This promenade through Córdoba, Seville, and Granada is also a walk through the intellectual journey of its author. Rafael Moneo brings together three texts, written in successive decades, that examine three monumental works built in the period between the 8th and 20th centuries in Andalusia, and the different approaches he uses in analyzing the vicissitudes undergone by the buildings are a testimony of the evolution of his critical interests. The Great Mosque of Córdoba is a pretext to map out the formal structure underlying the various enlargements and incorporations effected over eight centuries; the lonja of Seville prompts him to read Juan de Herrera’s Discurso de la figura cúbica and verify the influence of the architect’s ideas on the building whose construction straddled the 16th and 17th centuries; and the carmen of Rodríguez-Acosta in Granada is examined in a search for the authorship of the projects carried out between 1916 and 1926.
The essay on the mosque, written for a Harvard lecture in 1977, explains how its original formal composition crystallized the building’s image and structure, which were unaltered by subsequent interventions, because “the life of buildings is sustained by architecture, by the permanence of its most characteristic formal features,” advocating respect for architectural identity when a work has to be modified to adapt it to new needs.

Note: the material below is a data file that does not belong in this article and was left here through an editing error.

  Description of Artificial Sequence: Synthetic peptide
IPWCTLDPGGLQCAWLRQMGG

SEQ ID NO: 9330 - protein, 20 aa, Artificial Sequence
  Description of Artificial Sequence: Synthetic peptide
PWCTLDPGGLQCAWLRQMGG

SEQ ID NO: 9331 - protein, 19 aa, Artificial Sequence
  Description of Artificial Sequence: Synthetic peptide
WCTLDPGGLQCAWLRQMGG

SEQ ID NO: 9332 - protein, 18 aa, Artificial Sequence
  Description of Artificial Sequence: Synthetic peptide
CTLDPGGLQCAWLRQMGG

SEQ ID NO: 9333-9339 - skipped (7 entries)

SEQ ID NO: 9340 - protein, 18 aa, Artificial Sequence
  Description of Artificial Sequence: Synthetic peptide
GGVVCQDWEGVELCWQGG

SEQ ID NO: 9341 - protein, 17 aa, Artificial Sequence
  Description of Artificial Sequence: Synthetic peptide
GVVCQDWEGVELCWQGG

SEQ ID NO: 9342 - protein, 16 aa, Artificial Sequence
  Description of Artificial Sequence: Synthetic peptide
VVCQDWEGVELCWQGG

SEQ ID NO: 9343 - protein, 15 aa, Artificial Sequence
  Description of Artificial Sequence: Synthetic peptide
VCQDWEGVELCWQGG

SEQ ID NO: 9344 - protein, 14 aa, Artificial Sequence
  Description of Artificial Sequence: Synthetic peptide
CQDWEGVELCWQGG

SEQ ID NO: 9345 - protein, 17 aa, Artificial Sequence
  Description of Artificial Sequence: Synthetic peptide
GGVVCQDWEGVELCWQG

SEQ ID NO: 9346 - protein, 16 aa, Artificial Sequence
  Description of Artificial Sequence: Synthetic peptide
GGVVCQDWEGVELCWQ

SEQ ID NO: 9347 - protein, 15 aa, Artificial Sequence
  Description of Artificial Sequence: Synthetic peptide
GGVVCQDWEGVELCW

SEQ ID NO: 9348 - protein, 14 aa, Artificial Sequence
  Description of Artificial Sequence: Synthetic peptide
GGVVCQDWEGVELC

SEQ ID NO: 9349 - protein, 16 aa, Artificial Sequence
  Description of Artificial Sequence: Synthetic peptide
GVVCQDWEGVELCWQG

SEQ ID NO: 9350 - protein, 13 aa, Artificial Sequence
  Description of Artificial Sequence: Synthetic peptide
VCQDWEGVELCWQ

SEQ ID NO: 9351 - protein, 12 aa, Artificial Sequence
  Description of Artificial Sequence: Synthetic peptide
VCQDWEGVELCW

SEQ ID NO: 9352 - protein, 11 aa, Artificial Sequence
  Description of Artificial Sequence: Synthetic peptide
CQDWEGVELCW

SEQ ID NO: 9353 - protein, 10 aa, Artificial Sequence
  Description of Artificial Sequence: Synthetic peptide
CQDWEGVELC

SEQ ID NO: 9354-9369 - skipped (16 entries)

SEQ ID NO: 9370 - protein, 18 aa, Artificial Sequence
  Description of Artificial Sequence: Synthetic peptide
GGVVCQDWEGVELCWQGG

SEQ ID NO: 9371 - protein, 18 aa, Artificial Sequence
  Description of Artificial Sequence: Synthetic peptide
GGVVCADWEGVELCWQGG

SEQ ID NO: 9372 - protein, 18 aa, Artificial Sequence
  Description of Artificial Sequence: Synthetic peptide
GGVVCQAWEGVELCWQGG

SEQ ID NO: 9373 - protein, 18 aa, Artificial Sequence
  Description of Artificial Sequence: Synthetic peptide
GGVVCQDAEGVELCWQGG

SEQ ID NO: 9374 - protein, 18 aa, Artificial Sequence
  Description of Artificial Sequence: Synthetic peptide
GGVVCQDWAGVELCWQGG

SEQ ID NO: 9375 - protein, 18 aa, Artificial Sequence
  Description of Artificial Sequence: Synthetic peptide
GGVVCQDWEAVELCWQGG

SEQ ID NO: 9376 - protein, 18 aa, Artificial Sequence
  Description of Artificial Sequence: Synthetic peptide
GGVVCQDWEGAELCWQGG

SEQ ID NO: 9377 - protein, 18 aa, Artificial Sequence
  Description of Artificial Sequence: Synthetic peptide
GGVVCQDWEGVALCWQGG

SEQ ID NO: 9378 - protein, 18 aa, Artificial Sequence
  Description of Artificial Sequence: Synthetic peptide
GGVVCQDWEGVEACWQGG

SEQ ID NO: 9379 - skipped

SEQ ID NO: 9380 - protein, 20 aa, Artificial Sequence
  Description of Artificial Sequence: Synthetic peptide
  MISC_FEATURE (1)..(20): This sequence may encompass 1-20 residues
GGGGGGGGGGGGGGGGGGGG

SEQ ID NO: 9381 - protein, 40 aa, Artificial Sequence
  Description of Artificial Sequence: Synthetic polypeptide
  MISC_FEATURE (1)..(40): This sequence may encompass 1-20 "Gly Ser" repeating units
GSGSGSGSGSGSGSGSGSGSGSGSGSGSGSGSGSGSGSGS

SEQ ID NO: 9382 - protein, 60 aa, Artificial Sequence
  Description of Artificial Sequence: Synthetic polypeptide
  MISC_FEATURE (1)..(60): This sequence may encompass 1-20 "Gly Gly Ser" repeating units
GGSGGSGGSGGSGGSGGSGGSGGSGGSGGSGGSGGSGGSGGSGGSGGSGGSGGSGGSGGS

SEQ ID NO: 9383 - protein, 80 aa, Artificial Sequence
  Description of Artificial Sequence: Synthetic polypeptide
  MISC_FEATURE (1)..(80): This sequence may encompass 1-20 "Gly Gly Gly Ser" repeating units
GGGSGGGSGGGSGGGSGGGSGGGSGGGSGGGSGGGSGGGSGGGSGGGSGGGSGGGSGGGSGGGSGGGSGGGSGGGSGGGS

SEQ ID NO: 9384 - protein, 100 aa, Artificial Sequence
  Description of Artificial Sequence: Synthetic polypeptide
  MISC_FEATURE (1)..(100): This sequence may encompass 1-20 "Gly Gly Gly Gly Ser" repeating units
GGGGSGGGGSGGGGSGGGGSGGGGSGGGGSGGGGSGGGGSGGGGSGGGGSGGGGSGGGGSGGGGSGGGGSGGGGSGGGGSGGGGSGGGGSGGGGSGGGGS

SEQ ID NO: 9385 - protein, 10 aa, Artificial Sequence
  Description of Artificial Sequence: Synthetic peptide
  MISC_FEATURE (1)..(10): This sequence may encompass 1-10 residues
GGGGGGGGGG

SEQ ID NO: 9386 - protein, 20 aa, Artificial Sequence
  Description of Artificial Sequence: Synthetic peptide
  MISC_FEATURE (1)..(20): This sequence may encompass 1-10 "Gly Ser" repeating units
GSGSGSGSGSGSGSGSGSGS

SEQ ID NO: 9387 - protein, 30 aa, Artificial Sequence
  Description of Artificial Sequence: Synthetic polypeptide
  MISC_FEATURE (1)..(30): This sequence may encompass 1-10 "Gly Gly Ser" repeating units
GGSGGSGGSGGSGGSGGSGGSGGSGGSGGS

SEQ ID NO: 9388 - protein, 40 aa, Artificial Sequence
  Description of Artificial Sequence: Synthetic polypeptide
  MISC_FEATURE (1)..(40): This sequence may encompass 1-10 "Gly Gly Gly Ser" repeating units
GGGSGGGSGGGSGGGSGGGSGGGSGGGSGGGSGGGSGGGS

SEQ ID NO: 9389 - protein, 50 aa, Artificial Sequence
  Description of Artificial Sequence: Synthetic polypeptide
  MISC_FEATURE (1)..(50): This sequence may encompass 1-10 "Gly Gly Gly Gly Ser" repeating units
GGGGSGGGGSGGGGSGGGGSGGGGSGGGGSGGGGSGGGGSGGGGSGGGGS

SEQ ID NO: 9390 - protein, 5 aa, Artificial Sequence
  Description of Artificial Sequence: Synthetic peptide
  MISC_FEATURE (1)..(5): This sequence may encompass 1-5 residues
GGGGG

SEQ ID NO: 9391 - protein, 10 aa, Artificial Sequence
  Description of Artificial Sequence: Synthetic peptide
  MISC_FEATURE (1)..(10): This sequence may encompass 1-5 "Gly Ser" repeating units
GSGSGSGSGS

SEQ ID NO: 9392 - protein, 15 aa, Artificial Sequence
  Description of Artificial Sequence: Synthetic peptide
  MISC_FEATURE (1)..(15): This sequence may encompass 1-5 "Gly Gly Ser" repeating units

In the article about Herrera and the lonja, written for a Festsschrift in line with the 70th birthday of the historian Eduard Sekler (1920-2017), Moneo explores the links of the Discurso with Raimundo Lulio and proposes seeing the lonja as an ‘elemented cube,’ noting the congruence between the architect’s cosmology and the bold construction he erected facing the cathedral, though dotting the text with numerous questions, from those referring to the actual author of the Discurso – Manfredo Tafuri doubted its attribution to Herrera, just as he would dispute Pedro Machuca’s authorship of the Palace of Carlos V – to those surrounding the discrepancies between Herrera’s drawings for the lonja and the final work, executed with the intervention of other architects.
Multiple authorship is also present in the examination of the construction of the Granada carmen, published as a book in 2000 and now reproduced, with part of the illustrations taken out (still exceeding a hundred, and unfortunately poorly printed) but maintaining the inquisitive, detective spirit that enables Moneo to complete the historical puzzle and conclude that the only real author, over and above the architects who carried out different projects, is none other than the house’s artist owner, who with it achieved an architectural self-portrait.
The three articles in turn paint a critical self-portrait of Moneo, changing like his own interests but constant in his determination to insert new architecture in the existing, and historical buildings in the flow of life. Tough reading for the uninitiated, the texts triangulate the intellectual biography of the most cultured contemporary master, the one who has best taught us to listen to the voices of the past.